Sports can help children tolerate disappointment and learn to lose with their heads held high. Particularly in an age of constant entertainment and pleasure, loss and disappointment are especially important experiences that a child must go through to learn how to work through difficult emotions, for losing and disappointment are generally major issues at a young age, and are indispensable experiences for maturing Christian character. Realizing that Jesus’ return to earth would not take place as soon as they thought was a painful disappointment to first-century Christian believers. They needed to learn to deal with it positively, holding on to their beliefs and supporting each other with words of encouragement (1 Thess. 4:13-18).
In an age of instant gratification, develop the ability to start something that they may not be good at, and keep working away for a whole season (or more) to improve their skills. It helps them to tolerate frustration at not getting something they want right away; also, of not getting something right the first time. As coaches often say: “Repetition, repetition, repetition!”
Perseverance, it turns out, is a fundamental characteristic of Christ’s faithful last-day followers: when we are pointed to “the patience of the saints” (Rev. 14:12), what is actually being highlighted is perseverance, “the perseverance of the saints who keep the commandments of God and their faith in Jesus” (NASB).5
When children play team sports, they have an opportunity to work together to accomplish something, even if some of them tend to be loners or introverts. Team sports create an immersive experience of interdependency that will be used throughout their lifetime in their most intimate relationships, friendships, churches, and work settings. Teamwork forces you to get along with someone who may be annoying, not as good as you, or better than you. Solomon may have been tempted to do many things on his own. After all, he was smarter than everybody around. However, life taught him that “two are better than one, because they have a good reward for their labor” (Eccl. 4:9). Great wonders of his world, whether Egypt’s pyramids or his own world-famous temple, required united effort. In the case of the temple he built for God, there were more than 150,000 workers involved (1 Kings 5:13-16).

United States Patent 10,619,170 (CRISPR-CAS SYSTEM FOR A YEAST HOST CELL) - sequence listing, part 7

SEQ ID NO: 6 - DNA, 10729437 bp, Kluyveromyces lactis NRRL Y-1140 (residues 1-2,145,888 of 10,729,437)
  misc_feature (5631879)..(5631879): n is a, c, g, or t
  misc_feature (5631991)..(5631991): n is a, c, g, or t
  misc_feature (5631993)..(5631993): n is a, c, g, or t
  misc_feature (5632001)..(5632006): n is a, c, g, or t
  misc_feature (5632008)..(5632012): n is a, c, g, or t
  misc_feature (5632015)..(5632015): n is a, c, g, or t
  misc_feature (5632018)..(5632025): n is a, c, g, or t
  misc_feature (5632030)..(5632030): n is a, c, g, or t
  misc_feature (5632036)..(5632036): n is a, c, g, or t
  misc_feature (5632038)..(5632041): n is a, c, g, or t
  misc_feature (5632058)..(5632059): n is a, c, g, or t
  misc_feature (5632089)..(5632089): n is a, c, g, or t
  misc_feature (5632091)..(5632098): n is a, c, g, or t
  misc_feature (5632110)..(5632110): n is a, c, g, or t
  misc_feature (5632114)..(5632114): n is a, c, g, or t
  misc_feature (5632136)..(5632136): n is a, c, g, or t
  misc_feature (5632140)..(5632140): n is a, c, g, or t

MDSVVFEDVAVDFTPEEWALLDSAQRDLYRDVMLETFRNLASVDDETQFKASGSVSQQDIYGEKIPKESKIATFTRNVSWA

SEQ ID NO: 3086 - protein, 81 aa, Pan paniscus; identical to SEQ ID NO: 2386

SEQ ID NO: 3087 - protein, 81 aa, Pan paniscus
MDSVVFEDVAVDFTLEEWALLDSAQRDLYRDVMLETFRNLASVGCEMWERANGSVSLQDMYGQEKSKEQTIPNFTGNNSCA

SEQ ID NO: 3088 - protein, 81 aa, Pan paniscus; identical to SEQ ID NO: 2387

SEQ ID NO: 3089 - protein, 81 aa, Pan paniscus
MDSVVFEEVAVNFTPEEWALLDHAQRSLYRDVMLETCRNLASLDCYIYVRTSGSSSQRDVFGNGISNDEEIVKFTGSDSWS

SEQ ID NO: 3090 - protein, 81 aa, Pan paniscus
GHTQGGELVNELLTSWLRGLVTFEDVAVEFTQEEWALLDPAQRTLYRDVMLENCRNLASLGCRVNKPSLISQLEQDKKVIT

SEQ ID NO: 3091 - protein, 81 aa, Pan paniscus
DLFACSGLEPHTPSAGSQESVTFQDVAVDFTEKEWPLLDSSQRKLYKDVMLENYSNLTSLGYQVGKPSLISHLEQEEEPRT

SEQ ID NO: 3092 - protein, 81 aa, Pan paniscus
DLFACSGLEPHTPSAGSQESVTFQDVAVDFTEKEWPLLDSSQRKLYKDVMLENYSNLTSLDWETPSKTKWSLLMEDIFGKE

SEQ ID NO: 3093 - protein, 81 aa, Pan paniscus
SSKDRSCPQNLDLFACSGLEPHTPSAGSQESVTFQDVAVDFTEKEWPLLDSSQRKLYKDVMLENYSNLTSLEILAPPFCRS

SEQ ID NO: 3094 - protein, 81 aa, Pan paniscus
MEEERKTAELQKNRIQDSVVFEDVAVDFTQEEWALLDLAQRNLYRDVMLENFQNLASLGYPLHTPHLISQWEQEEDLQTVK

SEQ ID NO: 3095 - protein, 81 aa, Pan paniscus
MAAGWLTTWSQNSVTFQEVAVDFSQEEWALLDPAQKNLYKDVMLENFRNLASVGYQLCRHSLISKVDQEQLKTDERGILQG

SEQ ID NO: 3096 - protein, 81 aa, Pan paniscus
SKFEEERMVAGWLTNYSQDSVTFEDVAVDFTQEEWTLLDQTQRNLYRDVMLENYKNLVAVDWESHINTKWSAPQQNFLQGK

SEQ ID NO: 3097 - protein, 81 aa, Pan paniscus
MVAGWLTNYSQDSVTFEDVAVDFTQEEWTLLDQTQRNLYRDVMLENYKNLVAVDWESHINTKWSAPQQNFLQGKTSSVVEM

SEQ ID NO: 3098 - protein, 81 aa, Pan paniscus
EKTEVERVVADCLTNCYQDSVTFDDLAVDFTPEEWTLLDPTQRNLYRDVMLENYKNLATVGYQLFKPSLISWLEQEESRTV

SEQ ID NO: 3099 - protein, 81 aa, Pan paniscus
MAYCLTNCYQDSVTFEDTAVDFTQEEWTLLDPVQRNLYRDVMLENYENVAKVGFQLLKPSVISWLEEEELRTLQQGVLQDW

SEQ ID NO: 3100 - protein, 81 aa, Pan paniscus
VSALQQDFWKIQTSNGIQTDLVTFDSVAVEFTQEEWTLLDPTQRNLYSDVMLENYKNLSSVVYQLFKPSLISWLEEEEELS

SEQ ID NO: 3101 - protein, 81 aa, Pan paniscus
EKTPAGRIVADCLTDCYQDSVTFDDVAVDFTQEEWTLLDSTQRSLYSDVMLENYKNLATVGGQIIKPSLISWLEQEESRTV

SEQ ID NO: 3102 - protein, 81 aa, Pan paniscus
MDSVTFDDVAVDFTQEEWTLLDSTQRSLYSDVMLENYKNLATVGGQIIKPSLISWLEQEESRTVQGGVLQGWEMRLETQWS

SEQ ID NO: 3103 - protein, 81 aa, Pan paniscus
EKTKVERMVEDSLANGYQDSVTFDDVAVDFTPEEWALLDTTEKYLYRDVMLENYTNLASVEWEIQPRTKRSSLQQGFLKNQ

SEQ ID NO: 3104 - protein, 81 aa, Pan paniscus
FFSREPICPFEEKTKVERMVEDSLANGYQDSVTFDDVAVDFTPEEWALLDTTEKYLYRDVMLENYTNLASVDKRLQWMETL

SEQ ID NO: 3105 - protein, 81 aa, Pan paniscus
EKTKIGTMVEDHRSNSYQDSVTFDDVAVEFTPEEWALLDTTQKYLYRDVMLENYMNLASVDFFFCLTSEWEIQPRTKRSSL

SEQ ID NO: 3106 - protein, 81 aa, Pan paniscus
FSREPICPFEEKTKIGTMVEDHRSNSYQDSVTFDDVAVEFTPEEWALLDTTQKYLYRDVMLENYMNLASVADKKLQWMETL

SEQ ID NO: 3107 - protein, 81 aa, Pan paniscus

Sadly enough, success in such grand endeavors has had to depend too much on forced labor, whether by slavery or by cheap labor that exploits the needy, extracting much effort from them for little financial reward, if any. The sports equivalent is the boss who lets his players know that they had better quit complaining about the pressure. They are cattle, easily disposed of or replaced if the team doesn’t produce as demanded: “We can always get new cattle.”6 Thus, simply doing something together is not the true lesson on teamwork. It takes more than performance together or common club membership to teach kids team spirit and teamwork’s best lessons. Rather, it is what Jethro taught his world-famous son-in-law, Moses: the privilege of sharing duties, instead of doing it all alone. By sharing the story in Exodus 18:13-26, Moses teaches us what he learned. It makes for a good read and a good lesson.
Just as in the experience of the fledgling goalie, developing the habit of thinking negatively about themselves because they don’t succeed can cause long-term damage to children’s self-esteem. Sports may provide a platform where children are forced to fight against themselves, to overcome the desire of giving up when they make mistakes or underperform. It forces children to keep working to improve and look forward to the next goal, the next challenge. It also helps kids know who their biggest supporters in life are— those who cheer them on from the sidelines. Resilience, sticking with it, being undaunted, is as essential a Christian virtue as any. Paul testifies, “I press on,” and repeats, “I press toward the goal” (Phil. 3:12, 14). Like the best athletes, the Christian keeps keeping on, undaunted.